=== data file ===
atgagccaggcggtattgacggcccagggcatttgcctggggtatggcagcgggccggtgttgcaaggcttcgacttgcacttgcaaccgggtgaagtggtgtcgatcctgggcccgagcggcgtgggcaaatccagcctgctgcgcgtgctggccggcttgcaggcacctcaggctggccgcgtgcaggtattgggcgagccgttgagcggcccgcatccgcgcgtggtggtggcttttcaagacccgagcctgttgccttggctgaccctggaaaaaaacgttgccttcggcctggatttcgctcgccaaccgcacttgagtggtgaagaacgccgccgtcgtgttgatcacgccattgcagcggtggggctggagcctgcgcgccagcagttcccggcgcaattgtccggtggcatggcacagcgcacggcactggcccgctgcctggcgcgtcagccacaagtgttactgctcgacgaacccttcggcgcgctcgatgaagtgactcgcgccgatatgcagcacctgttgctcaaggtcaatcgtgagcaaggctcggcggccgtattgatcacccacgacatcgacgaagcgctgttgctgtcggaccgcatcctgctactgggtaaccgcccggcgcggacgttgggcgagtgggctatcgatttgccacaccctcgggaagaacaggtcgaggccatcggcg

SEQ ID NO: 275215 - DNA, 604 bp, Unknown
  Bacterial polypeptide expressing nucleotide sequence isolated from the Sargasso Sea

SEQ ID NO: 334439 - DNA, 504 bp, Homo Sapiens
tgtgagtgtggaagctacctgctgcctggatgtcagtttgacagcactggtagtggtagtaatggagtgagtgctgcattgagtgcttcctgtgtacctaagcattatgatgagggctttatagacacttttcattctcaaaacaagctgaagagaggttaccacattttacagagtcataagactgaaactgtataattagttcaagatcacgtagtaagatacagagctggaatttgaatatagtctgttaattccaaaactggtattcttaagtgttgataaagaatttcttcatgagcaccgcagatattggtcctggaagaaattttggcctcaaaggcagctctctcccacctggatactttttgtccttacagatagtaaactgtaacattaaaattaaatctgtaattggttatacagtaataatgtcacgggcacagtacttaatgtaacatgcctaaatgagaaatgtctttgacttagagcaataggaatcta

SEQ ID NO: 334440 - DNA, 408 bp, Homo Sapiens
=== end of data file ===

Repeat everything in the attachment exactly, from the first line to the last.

atgagccaggcggtattgacggcccagggcatttgcctggggtatggcagcgggccggtgttgcaaggcttcgacttgcacttgcaaccgggtgaagtggtgtcgatcctgggcccgagcggcgtgggcaaatccagcctgctgcgcgtgctggccggcttgcaggcacctcaggctggccgcgtgcaggtattgggcgagccgttgagcggcccgcatccgcgcgtggtggtggcttttcaagacccgagcctgttgccttggctgaccctggaaaaaaacgttgccttcggcctggatttcgctcgccaaccgcacttgagtggtgaagaacgccgccgtcgtgttgatcacgccattgcagcggtggggctggagcctgcgcgccagcagttcccggcgcaattgtccggtggcatggcacagcgcacggcactggcccgctgcctggcgcgtcagccacaagtgttactgctcgacgaacccttcggcgcgctcgatgaagtgactcgcgccgatatgcagcacctgttgctcaaggtcaatcgtgagcaaggctcggcggccgtattgatcacccacgacatcgacgaagcgctgttgctgtcggaccgcatcctgctactgggtaaccgcccggcgcggacgttgggcgagtgggctatcgatttgccacaccctcgggaagaacaggtcgaggccatcggcg

SEQ ID NO: 275215 - DNA, 604 bp, Unknown
  Bacterial polypeptide expressing nucleotide sequence isolated from the Sargasso Sea

SEQ ID NO: 334439 - DNA, 504 bp, Homo Sapiens
tgtgagtgtggaagctacctgctgcctggatgtcagtttgacagcactggtagtggtagtaatggagtgagtgctgcattgagtgcttcctgtgtacctaagcattatgatgagggctttatagacacttttcattctcaaaacaagctgaagagaggttaccacattttacagagtcataagactgaaactgtataattagttcaagatcacgtagtaagatacagagctggaatttgaatatagtctgttaattccaaaactggtattcttaagtgttgataaagaatttcttcatgagcaccgcagatattggtcctggaagaaattttggcctcaaaggcagctctctcccacctggatactttttgtccttacagatagtaaactgtaacattaaaattaaatctgtaattggttatacagtaataatgtcacgggcacagtacttaatgtaacatgcctaaatgagaaatgtctttgacttagagcaataggaatcta

SEQ ID NO: 334440 - DNA, 408 bp, Homo Sapiens